If you’re new to horse ownership then you may not know that your horse will require routine veterinary care. Contact your local equine vet to set up a first time visit and establish a medical record for your horse. Your horse will most likely have come with some sort of veterinary certification stating vaccinations and a history of ailments or illnesses. You should have your equine vet do a thorough checkup on your horse before purchasing or adopting. If that did not occur, have your vet check your horse after. Depending on where you live your horse will need a core set of spring and fall shots, which your vet can give. Teeth filings are also required for horses every six to twelve months. Horses tend to require more vet care than cats and dogs due to their size and tendency to develop illnesses such as colic, ulcers, etc. Talk with your vet Mattoon, IL to learn more.
When the weather gets hot one of the quickest ways to stay cool is to go for a swim. Farm animals like Quarter horses and even some cows also like to take a dip to cool off. Some Quarter horses often enjoy playing in their water trough and even wading in a lake or pond. They seem to enjoy the water, but can they swim? In general, most horses can swim, but that doesn’t mean they will or that they want to. Some horses are afraid of the water and may panic when asked to walk through streams or even wade in deeper water. It’s important to know your horse before asking him to take a plunge into the water. If your horse doesn’t like baths then he probably isn’t going to be a fan of swimming. If you want to take your horse for a swim, talk with your vet Marietta, GA first. To know more, visit their company page.
Did you know that Thoroughbreds and other horse breeds can occasionally get a UTI or Urinary Tract Infection? Although more common in smaller animals like cats and dogs, UTIs can occur in large animals too and is often a symptom of an underlying illness. A UTI in horses is usually bacterial meaning the infection comes from outside bacteria that enters the horse’s urethra and finds its way to the bladder or kidneys. Symptoms of a UTI in horses includes straining to urinate, frequent urination, urinating frequently but only passing small amounts at a time, and possibly blood in the urine. You may also notice an increase in your horse’s water intake. If your horse has any of these symptoms, call your vet. Your vet will most likely run a urinary analysis. Most UTIs can be treated with antibiotics. Talk with your vet Marietta, GA for additional treatment information. Visit their site to know more.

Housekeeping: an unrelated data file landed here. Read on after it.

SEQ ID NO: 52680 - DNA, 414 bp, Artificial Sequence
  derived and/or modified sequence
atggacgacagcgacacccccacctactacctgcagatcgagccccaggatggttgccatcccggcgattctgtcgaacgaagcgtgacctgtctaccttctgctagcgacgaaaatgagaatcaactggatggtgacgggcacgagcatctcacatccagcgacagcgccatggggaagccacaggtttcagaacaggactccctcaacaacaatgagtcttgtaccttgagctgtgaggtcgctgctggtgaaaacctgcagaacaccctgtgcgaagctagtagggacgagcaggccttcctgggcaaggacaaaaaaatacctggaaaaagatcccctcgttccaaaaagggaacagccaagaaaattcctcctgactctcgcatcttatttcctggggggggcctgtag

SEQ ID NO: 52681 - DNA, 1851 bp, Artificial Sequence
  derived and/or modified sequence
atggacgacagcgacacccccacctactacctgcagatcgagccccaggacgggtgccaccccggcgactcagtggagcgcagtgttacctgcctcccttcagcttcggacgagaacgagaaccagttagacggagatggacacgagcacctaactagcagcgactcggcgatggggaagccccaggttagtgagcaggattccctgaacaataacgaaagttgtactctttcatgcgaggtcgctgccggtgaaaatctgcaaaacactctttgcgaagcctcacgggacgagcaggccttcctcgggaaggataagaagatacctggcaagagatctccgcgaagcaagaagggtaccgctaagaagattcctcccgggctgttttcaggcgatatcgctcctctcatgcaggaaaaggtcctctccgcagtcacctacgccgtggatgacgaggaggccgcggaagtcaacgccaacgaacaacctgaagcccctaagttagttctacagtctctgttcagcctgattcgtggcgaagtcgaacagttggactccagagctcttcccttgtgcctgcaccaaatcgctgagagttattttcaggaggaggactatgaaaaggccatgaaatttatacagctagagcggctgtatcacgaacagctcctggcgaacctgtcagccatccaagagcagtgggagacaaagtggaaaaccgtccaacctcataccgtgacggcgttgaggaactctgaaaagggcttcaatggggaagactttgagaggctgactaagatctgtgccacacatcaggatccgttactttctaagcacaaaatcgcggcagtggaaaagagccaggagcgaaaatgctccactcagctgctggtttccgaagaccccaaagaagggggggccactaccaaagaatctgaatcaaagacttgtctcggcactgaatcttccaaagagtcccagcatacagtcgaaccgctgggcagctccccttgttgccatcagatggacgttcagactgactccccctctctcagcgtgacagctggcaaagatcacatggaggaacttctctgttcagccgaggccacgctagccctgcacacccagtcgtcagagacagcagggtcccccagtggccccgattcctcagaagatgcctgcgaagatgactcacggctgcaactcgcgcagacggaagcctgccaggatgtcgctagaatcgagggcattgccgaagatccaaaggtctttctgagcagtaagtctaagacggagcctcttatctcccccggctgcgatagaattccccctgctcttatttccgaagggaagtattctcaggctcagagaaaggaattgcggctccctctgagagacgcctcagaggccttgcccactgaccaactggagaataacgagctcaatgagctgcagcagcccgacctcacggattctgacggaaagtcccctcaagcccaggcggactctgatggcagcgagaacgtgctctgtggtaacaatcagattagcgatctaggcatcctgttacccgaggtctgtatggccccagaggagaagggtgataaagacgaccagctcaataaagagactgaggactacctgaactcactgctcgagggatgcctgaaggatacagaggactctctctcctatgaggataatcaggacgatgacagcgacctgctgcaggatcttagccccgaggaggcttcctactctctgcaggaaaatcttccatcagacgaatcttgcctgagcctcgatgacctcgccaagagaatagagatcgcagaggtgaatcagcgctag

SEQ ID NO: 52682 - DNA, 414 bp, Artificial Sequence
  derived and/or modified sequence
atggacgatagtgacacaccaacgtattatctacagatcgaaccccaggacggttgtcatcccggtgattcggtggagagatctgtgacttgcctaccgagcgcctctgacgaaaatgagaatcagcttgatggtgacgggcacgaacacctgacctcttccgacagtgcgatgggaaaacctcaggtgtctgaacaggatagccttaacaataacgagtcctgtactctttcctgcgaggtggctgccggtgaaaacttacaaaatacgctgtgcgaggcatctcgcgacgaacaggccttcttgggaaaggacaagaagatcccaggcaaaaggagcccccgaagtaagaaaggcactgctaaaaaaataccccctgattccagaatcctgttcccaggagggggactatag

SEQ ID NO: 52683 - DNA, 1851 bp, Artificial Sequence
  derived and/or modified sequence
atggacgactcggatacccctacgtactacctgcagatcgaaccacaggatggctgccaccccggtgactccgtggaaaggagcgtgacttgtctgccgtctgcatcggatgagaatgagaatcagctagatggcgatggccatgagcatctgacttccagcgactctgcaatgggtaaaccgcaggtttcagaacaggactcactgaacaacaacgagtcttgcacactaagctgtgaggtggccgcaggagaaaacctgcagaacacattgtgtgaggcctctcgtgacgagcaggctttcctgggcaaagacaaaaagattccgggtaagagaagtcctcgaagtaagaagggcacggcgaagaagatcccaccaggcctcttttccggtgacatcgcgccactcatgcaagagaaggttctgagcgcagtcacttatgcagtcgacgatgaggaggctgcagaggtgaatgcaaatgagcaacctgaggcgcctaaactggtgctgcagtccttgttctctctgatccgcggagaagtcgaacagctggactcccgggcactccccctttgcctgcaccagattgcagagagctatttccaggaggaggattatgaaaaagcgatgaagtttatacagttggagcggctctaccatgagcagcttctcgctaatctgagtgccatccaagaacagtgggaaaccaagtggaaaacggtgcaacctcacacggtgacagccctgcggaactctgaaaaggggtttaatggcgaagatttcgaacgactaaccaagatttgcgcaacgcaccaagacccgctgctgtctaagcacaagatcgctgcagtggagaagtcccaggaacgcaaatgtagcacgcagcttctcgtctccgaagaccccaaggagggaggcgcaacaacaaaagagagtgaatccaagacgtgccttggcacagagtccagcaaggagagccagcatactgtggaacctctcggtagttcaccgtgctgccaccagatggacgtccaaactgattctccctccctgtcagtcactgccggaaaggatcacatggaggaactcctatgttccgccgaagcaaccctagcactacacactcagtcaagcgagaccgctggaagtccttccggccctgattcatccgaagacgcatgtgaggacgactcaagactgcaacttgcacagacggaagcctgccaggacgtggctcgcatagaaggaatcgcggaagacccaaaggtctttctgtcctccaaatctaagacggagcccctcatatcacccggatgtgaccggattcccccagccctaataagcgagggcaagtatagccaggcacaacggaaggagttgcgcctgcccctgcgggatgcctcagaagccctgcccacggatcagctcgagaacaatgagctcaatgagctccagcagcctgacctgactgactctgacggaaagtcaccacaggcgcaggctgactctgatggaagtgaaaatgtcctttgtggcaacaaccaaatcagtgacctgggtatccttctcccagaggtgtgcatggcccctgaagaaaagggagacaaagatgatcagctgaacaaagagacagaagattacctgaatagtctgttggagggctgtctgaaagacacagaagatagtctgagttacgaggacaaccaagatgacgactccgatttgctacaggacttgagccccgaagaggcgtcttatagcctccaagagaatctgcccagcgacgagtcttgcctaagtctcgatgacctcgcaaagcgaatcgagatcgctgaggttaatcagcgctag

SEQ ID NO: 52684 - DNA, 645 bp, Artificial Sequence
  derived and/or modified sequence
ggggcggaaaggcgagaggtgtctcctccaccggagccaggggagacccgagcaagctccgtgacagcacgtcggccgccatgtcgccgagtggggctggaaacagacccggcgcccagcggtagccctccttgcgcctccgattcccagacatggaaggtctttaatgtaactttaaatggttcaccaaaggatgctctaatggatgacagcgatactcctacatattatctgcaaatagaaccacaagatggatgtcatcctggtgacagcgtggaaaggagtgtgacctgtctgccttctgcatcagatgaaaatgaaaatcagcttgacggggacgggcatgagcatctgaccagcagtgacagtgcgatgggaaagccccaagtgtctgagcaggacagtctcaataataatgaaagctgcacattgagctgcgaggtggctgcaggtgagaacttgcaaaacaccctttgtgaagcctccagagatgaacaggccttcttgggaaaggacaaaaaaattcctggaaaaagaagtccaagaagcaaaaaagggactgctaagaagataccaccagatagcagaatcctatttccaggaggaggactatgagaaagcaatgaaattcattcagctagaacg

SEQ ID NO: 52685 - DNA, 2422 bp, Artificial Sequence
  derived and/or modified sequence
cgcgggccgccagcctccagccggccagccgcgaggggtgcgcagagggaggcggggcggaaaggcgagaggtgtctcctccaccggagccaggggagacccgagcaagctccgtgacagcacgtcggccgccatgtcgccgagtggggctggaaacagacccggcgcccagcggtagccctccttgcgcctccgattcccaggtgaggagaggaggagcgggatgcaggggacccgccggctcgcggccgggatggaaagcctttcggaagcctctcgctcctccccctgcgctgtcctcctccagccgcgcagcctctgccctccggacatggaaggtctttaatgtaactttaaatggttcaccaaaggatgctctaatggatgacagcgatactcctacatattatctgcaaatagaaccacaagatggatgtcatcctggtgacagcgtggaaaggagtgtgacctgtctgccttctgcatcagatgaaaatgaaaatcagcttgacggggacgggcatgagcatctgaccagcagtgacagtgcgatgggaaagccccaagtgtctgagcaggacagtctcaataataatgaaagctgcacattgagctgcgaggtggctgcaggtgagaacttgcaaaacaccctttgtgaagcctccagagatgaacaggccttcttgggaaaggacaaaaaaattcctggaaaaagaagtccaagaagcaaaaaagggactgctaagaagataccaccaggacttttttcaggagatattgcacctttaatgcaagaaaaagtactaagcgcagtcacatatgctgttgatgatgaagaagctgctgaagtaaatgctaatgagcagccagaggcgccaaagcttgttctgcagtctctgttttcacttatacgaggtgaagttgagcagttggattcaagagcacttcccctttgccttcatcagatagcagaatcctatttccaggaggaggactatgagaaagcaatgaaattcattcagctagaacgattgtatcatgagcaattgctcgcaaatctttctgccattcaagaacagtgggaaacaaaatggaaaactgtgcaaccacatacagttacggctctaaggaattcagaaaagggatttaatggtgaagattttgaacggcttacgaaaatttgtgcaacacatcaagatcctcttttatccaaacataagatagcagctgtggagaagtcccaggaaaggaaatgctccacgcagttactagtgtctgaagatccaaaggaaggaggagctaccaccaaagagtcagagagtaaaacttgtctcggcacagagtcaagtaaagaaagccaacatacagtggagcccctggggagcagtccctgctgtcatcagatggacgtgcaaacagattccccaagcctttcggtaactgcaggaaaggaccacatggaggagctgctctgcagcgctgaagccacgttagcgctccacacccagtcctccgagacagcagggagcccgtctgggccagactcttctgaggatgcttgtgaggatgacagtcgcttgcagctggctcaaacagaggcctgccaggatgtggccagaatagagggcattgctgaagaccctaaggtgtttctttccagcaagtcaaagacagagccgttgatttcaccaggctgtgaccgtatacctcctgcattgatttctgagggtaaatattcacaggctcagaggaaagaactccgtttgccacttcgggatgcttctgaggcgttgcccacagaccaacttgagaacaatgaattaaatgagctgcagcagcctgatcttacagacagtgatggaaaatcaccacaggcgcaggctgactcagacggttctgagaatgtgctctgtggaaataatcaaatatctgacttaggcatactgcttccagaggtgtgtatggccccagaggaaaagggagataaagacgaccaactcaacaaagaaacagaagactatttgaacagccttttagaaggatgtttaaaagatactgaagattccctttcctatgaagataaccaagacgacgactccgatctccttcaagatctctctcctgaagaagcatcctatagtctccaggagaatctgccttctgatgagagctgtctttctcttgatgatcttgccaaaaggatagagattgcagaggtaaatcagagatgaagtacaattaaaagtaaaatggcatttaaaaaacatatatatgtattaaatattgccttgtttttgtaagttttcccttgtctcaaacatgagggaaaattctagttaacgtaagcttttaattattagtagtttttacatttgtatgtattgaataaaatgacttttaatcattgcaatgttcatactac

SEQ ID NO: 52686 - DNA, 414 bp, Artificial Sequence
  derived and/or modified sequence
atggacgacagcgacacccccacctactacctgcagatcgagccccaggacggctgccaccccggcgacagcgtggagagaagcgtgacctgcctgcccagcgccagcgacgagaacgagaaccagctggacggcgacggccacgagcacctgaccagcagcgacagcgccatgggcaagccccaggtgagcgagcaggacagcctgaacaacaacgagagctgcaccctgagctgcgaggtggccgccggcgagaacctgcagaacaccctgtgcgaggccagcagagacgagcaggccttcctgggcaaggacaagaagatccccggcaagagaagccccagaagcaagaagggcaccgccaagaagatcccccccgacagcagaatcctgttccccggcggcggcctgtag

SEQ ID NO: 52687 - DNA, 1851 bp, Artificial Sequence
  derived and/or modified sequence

Your horse is an amazing companion, and you want to make sure you are able to care for him however he needs you to. This means taking the time to determine when your horse needs any additional care from you, like when he is getting sick. What should you keep an eye out for?
Your horse will likely start acting differently if he isn’t feeling like himself. This means that you may notice behavioral changes, like refraining from taking part in certain activities because he isn’t feeling well. He may respond differently to interactions with you, or he may be moving about differently than he normally does. Keep an eye out for any discharge from the eyes, nose, or mouth, changes in his bowel movements, or differences in his eating patterns. For additional information, please contact your local veterinary clinic Marietta, GA.
If your Quarter horse has recently scratched or injured his eye then your vet may have prescribed ointment or eye drops as part of the treatment process. Sometimes two ointments will be prescribed to treat the eye. One dilates the eye while the other is an antibiotic to treat the eye. To apply ointment to your horse’s eye, gently squeeze some of the ointment onto your index finger. Next, use another finger and your thumb to gently open the eyelid and place the ointment on the lower part of the eyelid or directly on the eye. Close the horse’s eyelid to help spread the ointment over the entire surface of the eye. If applying eye drops, follow the same procedure to open the eye. This time hold the drops at an angle to squeeze a drop in the lower eyelid or directly to the eye. For more tips and suggestions just give your veterinary clinic Myakka, FL a call. Visit this website All Pets Clinic for additional details.